Kikuyu - Economy

The Kikuyu were originally hunter-gatherers, but they gradually adopted horticultural practices. The first crops grown by the Kikuyu were cocoyams, sweet potatoes, bananas, and millet. The cultivation of crops was traditionally segregated by gender. Men cultivated yams and bananas, whereas women grew sweet potatoes and millet. Women also gathered a variety of wild spinachlike greens, tubers, such as arrowroot (taro), and berries. Sugarcane was grown and honey collected from hives in the forest for the production of beer. Maize was introduced early in the nineteenth century and has become a major staple crop. When it is used for domestic consumption, it is usually grown by women, but when it is sold as a commodity, it is more often grown by men.

Many foods have been added to the traditional crops of the Kikuyu. European potatoes, cassava, and rice have been added to the cultivated crops, as well as legumes, which include dwarf beans, cowpeas, pigeon peas, kidney beans, lentils, and garden peas. Today Kikuyu also grow cabbage, tomatoes, onions, carrots, kale, and swiss chard. They season their foods with salt, chili peppers, or curry. A great variety of fruits is grown in the area. In addition to bananas, these include passion fruits, mangoes, papayas, loquats, plums, pineapples, oranges, and avocado pears. Women and children especially enjoy fruits, which they sell in local markets.

Although Kikuyu were formerly hunters, Kenyan game laws prohibit them from hunting today. Meat of wild game (antelope, impalas, bushbucks) and from herd animals (goats, sheep, and African cattle) was the prerogative of men. Pork and fish were prohibited, and game birds and other fowl were eaten only occasionally; eggs were not a part of the diet. Women rarely ate meat and then only when it was handed to them by their husbands. Today meat is served only on special occasions—to celebrate a ceremony, such as Irua (circumcision), or to welcome an important visitor. Cash crops, such as tea, coffee, and rice, were not grown until the 1940s, and, in some areas of Kenya, much later, but they have become an important part of the economy.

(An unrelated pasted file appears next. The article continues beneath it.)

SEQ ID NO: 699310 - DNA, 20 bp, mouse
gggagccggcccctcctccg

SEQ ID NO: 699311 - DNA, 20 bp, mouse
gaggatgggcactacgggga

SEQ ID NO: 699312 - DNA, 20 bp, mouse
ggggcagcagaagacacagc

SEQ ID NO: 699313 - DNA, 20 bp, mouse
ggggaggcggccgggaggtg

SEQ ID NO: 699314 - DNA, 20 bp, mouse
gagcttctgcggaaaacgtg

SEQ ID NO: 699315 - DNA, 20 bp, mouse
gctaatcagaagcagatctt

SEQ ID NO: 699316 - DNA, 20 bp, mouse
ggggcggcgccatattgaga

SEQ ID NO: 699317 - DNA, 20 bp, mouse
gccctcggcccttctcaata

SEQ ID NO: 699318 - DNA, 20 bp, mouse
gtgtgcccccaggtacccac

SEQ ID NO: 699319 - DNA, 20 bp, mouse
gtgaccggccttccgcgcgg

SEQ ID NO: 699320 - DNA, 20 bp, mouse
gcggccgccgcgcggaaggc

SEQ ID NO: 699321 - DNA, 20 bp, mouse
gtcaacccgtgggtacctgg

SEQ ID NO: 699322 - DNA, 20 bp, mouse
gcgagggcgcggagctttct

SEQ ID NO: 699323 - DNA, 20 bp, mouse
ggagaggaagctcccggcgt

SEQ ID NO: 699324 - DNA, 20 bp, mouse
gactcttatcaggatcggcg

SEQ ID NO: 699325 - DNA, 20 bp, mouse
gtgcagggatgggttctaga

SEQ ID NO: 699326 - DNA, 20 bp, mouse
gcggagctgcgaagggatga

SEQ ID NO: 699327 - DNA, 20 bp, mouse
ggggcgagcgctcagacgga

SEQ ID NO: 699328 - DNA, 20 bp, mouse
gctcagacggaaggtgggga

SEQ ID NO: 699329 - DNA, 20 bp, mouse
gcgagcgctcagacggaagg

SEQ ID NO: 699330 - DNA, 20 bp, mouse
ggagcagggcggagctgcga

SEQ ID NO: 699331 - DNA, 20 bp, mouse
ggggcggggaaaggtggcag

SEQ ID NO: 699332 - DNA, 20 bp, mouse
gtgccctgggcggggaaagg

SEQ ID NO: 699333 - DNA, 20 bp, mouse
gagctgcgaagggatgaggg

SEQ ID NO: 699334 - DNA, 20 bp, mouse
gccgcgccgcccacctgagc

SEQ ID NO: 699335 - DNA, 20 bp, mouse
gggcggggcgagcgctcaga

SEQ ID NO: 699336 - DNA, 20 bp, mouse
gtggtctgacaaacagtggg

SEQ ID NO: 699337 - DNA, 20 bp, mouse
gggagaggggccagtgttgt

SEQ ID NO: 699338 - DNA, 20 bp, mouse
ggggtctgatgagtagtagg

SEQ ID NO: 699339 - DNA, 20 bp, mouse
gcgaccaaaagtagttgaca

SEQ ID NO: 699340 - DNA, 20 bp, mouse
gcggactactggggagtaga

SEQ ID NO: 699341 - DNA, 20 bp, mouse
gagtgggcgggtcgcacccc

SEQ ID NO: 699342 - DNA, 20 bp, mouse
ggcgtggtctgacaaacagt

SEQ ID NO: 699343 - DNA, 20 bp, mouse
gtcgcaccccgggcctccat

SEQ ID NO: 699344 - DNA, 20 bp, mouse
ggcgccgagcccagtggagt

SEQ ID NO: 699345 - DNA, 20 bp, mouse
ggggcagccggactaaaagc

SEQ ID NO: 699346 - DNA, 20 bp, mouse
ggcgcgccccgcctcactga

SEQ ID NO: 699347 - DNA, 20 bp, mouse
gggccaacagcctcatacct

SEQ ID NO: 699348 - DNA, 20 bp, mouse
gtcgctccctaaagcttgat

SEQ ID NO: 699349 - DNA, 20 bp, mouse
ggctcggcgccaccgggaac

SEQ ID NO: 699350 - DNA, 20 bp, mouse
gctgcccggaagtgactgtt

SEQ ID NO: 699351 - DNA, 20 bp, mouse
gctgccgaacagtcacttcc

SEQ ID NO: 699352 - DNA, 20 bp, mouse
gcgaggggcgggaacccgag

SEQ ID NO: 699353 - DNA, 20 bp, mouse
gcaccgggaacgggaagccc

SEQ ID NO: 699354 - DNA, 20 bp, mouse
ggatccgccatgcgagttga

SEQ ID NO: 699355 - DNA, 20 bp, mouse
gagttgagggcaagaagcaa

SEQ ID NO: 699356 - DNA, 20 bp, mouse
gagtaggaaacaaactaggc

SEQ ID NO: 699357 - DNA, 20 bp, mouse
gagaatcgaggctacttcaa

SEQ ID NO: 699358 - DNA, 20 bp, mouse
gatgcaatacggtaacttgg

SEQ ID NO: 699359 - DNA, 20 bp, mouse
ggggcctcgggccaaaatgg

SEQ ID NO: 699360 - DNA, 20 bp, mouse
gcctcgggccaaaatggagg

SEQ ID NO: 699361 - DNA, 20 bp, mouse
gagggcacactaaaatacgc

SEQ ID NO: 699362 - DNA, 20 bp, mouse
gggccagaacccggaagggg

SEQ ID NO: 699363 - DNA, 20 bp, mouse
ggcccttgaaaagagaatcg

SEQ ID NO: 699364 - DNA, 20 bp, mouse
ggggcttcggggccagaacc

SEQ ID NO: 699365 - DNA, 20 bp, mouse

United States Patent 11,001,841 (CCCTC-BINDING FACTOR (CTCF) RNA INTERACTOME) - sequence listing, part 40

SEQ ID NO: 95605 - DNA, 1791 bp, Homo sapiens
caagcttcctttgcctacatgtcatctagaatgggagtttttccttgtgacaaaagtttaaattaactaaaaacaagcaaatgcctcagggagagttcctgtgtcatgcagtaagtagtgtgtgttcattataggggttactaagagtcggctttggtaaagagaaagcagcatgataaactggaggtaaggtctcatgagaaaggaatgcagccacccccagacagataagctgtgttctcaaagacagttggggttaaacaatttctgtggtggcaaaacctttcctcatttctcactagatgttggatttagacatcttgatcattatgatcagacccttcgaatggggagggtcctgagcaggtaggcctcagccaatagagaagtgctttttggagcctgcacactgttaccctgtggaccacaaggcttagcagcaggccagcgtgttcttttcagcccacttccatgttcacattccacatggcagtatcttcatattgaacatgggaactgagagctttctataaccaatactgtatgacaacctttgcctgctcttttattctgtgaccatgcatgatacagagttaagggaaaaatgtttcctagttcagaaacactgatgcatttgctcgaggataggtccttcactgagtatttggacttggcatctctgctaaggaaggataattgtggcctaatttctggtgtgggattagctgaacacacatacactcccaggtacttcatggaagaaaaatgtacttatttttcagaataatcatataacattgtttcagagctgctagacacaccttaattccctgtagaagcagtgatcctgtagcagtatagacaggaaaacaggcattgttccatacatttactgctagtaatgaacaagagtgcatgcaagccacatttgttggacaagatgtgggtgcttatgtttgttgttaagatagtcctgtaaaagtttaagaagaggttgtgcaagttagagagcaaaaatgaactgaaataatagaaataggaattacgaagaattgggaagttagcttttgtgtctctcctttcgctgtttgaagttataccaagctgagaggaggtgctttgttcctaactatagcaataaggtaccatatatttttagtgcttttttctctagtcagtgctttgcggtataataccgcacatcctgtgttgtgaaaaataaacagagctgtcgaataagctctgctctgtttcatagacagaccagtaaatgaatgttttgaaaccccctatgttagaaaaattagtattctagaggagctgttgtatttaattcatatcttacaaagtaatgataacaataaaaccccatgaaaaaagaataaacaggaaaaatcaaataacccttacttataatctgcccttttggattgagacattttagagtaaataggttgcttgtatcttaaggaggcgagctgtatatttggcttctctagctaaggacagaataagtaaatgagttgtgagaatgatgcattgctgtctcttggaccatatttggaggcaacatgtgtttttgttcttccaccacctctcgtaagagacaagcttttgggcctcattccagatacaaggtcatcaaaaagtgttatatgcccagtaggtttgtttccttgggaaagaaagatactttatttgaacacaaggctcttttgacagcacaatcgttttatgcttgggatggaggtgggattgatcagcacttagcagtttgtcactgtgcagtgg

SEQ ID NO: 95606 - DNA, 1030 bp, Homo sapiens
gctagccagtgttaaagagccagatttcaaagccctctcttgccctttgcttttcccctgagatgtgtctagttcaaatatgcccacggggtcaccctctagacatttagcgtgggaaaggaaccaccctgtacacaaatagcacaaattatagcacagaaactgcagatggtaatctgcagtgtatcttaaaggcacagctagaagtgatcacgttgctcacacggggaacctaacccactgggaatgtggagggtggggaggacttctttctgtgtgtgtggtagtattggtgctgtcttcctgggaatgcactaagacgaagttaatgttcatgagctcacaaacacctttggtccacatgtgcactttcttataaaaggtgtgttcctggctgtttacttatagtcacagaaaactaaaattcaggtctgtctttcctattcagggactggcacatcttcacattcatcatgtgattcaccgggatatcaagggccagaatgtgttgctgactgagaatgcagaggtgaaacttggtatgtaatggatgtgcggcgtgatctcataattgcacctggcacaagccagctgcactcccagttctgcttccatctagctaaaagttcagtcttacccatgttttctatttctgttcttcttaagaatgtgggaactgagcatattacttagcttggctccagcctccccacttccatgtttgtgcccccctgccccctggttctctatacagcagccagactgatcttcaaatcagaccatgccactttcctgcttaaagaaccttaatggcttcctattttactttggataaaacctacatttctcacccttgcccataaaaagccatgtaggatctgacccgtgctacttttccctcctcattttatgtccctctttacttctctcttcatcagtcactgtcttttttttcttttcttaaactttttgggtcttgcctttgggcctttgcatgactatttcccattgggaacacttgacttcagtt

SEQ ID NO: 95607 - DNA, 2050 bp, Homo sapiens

Also read article about Kikuyu from Wikipedia

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Wanjiku Wambura
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Dec 19, 2012 @ 2:14 pm
Being a Gikuyu, I think this article is generally informative but I would like to point out two things that seem inaccurate to me.

The first is in your second paragraph where you say that ``They season their foods with salt, chili peppers, or curry''. I think the majority of the Gikuyu will shy away from hot chilli and curries in their diet. Whereas I do admit that a few do enjoy some hot peppers, the Gikuyus in general do not like hot spices but will use mild spices available in the local supermarkets in the form of what is called 'chilli cubes' or 'Roiko'. These in fact have little or no hot pepper or curry in them. They consist of a variety of mild mixed spices including coriander, turmeric, garlic, etc.

The second point is about meat. I think it is inaccurate to say that it is only eaten on special occasions. I think what you meant to say is that slaughtering of a goat/sheep is only done on special occasions. I think Gikuyus from all walks of life will have some meat in their daily diet albeit quantity and frequency will depend on economic power.
maina wa gathoni
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Mar 9, 2016 @ 6:06 am
i love being a kikuyu in kenyatta university. everything in kikuyu culture is just good.

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